It’s (Past) Time for Girls to Matter

My home state of Georgia has earned a measure of infamy for its various public school systems’ handling of the COVID-19 crisis as they proceed with Fall Semester. I can empathize with their dilemma, as their choices seem limited to one that sucks (to open up even though enforcing safe social distancing is all but impossible) and one that sucks less (to continue with virtual learning). But when school officials claim they can’t possibly enforce a mask mandate because the decision to wear or not to wear a mask constitutes a “personal choice” that should not be interfered with, I can only roll my eyes and groan. As has been pointed out frequently on social media, this constitutes rank hypocrisy, since school systems interfere with students’ fashion choices all the time, most often when those students happen to be girls. Evidently a girl in a miniskirt constitutes a greater danger to campus health than a maskless boy jostling and elbowing his way down a crowded corridor between classes.

I’ve mentioned before that I’ve always disliked skimpy clothing. When I was in my early teens, my mom had to fight to get me into a pair of shorts during the summers. I’ve mellowed quite a bit since then, but I still find concealing outfits nicer to look at than revealing ones. (I feel this way about men’s clothing as well as women’s; Speedos do nothing for me.) But, with apologies to Voltaire, even if I don’t like what you’re wearing, I will defend to the death your right to wear it, especially when I consider just whom most school dress codes are intended to support and protect. What girl would imagine the school has her best interests at heart when the principal orders her to go home and change out of a short skirt and into a pair of jeans? She’s more likely to feel humiliated than cared for. This kind of thing is done for the sake of the boys whose attention might wander if the girls in their classroom show their legs, shoulders, etc. The idea is that boys will lose all self-control if they’re forced to look at girls’ exposed skin — the same logic behind the burka.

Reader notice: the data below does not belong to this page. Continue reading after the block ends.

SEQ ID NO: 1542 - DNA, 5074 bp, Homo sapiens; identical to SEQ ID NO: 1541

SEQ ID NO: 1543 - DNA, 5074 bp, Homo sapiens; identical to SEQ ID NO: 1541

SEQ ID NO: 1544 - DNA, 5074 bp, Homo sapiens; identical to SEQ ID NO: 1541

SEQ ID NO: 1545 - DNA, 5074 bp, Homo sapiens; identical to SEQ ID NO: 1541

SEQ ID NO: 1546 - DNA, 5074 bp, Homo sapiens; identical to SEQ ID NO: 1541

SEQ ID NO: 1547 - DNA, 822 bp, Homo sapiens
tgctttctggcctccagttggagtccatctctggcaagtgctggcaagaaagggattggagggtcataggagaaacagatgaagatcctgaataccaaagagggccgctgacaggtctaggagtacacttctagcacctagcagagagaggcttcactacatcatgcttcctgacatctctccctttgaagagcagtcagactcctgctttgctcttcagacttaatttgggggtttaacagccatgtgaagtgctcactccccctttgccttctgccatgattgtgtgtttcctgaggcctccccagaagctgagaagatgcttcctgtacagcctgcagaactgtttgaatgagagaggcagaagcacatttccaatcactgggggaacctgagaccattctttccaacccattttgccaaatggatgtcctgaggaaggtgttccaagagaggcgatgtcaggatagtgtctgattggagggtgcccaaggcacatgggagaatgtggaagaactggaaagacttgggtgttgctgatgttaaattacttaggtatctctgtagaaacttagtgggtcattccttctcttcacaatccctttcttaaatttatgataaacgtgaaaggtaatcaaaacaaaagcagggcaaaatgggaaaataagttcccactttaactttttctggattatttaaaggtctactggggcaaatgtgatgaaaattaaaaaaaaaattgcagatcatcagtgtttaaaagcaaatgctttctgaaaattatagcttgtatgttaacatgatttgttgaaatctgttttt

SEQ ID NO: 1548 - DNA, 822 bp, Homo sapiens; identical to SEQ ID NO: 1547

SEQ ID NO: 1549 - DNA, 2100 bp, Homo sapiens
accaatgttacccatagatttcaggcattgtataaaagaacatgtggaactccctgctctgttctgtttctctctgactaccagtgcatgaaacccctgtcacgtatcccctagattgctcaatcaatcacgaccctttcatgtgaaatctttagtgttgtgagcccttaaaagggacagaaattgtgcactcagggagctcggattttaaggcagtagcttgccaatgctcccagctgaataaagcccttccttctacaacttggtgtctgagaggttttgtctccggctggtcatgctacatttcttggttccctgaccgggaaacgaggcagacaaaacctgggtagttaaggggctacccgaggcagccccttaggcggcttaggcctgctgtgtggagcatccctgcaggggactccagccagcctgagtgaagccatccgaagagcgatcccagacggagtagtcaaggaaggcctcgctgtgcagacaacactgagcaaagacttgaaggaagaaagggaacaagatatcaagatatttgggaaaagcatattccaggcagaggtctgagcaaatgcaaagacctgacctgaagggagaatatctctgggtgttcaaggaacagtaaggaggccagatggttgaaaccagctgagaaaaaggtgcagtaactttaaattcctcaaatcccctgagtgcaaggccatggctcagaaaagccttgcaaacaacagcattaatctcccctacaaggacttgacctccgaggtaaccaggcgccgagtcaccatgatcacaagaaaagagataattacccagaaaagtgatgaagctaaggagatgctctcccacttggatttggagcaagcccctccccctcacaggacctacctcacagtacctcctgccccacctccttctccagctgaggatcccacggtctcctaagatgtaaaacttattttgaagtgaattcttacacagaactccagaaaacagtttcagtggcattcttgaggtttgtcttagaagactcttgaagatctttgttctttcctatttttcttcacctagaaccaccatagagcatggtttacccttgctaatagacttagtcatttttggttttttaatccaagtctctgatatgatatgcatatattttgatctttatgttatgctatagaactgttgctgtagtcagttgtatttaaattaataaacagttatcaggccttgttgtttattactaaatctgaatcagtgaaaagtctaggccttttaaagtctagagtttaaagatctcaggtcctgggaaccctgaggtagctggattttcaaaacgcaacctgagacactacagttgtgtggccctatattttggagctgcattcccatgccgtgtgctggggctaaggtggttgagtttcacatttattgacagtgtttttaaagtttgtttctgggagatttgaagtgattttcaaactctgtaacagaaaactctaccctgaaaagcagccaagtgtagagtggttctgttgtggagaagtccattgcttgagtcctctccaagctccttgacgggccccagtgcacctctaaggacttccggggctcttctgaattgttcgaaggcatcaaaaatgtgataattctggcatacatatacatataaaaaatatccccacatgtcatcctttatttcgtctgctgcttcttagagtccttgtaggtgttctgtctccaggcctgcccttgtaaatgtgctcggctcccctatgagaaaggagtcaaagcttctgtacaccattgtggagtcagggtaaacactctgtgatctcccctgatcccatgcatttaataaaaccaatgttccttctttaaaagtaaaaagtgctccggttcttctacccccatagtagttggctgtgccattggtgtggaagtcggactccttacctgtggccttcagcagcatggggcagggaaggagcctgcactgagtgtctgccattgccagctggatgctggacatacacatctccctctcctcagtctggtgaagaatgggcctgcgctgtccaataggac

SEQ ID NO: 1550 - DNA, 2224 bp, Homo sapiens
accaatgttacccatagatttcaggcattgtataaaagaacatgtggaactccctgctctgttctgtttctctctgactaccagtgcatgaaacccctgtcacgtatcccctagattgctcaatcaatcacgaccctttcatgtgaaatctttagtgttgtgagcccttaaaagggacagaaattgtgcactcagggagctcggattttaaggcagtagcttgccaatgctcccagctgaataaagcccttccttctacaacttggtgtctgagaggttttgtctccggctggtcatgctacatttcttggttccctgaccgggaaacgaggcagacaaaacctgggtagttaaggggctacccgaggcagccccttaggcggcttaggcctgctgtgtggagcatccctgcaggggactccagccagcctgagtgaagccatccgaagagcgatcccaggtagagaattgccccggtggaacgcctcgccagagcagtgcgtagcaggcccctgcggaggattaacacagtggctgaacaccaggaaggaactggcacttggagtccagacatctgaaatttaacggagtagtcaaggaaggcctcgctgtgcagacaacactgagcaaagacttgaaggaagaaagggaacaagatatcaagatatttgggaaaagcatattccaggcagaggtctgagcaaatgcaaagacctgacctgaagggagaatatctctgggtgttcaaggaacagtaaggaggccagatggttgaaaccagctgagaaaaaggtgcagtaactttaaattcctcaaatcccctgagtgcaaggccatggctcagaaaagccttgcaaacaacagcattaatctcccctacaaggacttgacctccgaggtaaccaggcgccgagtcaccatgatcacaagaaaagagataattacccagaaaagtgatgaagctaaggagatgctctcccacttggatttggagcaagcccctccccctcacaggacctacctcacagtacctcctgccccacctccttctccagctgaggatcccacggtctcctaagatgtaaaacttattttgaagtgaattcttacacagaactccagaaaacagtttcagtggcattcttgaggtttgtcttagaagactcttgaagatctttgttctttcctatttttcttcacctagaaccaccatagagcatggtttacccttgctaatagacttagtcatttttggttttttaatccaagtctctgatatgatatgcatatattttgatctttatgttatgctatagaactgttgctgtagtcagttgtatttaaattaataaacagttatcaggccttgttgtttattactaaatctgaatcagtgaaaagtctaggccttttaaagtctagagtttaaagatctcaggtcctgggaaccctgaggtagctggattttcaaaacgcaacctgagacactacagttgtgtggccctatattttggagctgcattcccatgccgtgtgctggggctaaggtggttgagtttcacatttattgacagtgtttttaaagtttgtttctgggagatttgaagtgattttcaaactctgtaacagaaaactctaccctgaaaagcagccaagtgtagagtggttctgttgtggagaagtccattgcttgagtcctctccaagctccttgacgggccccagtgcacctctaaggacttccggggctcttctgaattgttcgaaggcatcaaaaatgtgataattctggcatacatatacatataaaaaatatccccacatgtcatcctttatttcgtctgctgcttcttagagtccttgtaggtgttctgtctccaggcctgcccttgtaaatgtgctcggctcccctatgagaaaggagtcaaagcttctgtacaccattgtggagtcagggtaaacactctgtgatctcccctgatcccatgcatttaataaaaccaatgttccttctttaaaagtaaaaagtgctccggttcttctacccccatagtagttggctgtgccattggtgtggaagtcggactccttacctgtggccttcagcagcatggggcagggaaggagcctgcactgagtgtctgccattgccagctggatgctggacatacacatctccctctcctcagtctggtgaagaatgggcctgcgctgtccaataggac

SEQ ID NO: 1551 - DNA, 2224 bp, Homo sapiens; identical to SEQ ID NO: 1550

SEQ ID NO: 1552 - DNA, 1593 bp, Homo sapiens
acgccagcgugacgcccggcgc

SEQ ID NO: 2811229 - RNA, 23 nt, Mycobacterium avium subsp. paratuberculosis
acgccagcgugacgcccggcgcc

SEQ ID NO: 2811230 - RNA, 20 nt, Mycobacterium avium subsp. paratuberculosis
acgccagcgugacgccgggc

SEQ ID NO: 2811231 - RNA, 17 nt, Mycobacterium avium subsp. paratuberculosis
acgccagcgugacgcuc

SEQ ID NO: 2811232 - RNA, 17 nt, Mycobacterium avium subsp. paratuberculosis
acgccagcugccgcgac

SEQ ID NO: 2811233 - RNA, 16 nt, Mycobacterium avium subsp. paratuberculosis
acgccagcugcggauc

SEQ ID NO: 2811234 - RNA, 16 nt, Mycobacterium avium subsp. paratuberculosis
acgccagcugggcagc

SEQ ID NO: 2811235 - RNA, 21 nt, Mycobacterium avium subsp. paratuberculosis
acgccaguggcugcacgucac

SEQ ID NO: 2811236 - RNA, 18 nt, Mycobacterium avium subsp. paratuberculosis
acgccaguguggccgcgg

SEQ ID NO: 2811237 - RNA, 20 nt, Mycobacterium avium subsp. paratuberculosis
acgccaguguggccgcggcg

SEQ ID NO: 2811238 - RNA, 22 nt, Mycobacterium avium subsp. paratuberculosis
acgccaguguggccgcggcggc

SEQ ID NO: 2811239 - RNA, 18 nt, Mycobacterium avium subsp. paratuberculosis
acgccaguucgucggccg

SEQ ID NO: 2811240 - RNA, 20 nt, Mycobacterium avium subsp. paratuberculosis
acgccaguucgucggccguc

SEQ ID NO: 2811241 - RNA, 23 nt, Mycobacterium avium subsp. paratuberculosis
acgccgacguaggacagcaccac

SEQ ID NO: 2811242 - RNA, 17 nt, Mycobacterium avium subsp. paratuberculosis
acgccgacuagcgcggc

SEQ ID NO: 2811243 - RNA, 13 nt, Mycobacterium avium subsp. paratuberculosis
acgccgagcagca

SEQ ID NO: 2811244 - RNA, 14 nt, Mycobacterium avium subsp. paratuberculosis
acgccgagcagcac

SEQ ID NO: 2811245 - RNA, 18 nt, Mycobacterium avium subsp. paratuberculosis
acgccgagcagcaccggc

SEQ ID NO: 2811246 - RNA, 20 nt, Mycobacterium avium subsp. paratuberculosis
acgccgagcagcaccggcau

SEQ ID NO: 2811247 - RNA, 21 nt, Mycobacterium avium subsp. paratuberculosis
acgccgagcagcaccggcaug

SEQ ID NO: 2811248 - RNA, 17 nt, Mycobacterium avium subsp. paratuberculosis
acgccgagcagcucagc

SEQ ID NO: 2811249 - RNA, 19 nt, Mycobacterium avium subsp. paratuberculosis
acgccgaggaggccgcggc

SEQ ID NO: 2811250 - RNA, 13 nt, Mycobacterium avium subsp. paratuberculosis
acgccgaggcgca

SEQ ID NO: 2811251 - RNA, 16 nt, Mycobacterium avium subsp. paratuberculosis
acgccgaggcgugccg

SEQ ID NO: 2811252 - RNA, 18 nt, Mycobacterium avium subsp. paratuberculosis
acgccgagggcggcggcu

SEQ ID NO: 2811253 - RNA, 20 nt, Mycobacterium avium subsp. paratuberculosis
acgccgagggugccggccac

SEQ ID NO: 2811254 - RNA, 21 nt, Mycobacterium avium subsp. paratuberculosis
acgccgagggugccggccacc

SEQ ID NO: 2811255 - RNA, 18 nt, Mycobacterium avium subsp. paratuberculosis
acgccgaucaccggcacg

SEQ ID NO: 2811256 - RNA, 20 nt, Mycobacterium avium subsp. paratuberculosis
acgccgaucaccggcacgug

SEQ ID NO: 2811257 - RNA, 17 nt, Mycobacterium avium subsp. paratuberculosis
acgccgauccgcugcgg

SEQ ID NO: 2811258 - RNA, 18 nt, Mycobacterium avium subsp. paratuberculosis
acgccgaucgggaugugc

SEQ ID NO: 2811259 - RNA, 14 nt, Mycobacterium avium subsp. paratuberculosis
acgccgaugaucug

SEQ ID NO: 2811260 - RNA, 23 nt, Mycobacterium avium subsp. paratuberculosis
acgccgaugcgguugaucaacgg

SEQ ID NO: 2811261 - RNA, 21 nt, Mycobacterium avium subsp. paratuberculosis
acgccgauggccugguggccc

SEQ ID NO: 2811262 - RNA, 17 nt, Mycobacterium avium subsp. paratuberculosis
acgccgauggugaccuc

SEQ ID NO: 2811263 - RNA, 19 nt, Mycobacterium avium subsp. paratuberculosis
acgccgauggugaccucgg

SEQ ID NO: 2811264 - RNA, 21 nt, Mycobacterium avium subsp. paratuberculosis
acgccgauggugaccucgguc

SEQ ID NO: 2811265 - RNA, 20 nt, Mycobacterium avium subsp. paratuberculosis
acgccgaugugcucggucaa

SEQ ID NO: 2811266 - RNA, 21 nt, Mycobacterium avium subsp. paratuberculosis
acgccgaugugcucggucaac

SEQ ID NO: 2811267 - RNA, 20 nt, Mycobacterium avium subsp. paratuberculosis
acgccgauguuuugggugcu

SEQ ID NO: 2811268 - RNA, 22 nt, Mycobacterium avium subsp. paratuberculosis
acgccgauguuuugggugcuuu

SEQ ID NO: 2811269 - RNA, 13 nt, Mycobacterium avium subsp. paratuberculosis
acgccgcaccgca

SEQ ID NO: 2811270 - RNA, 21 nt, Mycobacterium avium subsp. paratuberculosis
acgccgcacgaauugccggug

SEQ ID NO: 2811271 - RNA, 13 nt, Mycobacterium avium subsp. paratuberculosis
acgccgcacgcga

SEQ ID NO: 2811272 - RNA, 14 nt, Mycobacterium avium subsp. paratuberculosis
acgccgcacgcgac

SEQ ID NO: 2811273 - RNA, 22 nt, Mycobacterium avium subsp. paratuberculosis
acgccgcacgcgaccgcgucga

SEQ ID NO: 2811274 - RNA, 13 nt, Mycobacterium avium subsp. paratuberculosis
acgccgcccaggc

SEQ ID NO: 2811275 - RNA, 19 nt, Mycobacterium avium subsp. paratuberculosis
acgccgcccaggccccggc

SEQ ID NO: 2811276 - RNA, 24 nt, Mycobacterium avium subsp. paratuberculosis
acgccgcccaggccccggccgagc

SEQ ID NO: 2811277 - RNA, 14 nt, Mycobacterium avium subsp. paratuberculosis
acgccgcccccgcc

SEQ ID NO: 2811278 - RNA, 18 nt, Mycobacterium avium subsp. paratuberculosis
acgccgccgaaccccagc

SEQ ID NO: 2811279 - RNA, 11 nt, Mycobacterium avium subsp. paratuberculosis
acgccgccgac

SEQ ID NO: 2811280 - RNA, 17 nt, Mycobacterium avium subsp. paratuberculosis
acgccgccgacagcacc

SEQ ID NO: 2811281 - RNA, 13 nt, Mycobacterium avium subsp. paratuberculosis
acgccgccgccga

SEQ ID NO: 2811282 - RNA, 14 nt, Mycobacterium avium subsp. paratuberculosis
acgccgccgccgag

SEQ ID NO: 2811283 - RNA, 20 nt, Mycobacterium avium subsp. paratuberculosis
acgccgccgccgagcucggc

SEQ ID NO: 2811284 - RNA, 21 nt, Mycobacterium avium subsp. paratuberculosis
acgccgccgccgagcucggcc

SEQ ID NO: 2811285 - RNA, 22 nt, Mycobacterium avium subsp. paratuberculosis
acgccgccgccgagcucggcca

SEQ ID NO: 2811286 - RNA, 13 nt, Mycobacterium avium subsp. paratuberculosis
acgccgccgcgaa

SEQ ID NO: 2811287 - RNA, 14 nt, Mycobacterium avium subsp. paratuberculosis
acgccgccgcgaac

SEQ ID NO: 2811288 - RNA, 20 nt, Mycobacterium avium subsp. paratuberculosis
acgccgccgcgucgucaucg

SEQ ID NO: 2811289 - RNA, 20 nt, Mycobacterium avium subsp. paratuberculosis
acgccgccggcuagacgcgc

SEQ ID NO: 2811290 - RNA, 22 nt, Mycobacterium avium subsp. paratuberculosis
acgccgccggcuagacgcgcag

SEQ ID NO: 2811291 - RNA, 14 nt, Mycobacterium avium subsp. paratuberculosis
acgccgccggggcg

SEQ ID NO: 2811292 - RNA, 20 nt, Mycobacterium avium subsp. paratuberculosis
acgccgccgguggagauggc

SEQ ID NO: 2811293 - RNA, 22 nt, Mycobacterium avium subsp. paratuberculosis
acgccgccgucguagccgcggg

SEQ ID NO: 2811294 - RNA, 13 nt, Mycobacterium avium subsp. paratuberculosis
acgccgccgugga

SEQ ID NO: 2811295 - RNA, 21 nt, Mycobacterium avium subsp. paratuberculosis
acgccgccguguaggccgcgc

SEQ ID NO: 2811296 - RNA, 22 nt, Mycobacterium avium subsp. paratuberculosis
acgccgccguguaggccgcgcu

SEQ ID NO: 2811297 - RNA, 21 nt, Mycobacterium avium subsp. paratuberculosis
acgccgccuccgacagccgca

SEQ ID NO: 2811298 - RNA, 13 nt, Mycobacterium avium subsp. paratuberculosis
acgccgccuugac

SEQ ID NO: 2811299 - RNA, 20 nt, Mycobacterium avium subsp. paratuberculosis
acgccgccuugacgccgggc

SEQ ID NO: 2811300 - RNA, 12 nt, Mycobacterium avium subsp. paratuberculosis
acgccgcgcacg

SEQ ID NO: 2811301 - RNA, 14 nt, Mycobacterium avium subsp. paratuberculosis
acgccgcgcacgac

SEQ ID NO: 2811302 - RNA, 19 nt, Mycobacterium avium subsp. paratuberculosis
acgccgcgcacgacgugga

What do girls learn from this? That boys and their interests come first. That boys will carry the future that the students are being prepared for. That boys matter more.

It’s the same message I got while growing up and watching movies where boys got to save the galaxy, travel through time, stop nuclear war, and challenge evil rulers, while the only battles girls got to fight had much lower stakes and were generally domestic-centered. It’s the message I got from family sitcoms where the funniest, most charismatic characters, the ones the audience adored, were always boys. Popular culture has made tremendous strides since then in the direction of inclusion, but as Jacqueline Carey points out, we still have a good distance to go.

But even if entertainment doesn’t drive home the point that boys count in ways that girls don’t, news of the real world can do the job. Recently, the Jeffrey Epstein scandal has come back into the news, as his alleged procurer, Ghislaine Maxwell, has been arrested. Not many crime stories sadden me quite as much as Epstein’s. How was he able to keep his “Lolita Express” in business, servicing powerful men of all backgrounds and political ideologies? That question preys on my mind every time I see a picture of Ghislaine Maxwell standing next to President Trump or ex-President Clinton, and the only answer I can find is that Epstein and Maxwell were able to keep their game running because not enough people thought the girls mattered enough to interfere with the men’s fun. Men’s money was chosen over girls’ well-being, until the list of victims was simply too long to be ignored.

The news repeats the same story ad nauseum, with only the names changing — from Harvey Weinstein to R. Kelly to Bill Cosby to Matt Lauer to Louis C.K. and on and on and on. And girls are watching this, learning from it. Just how many books by Tamora Pierce and Robin McKinley, movies like Moana and Wonder Woman, and TV shows like She-Ra and the Princesses of Power is it going to take to counteract the poison of that oft-repeated story?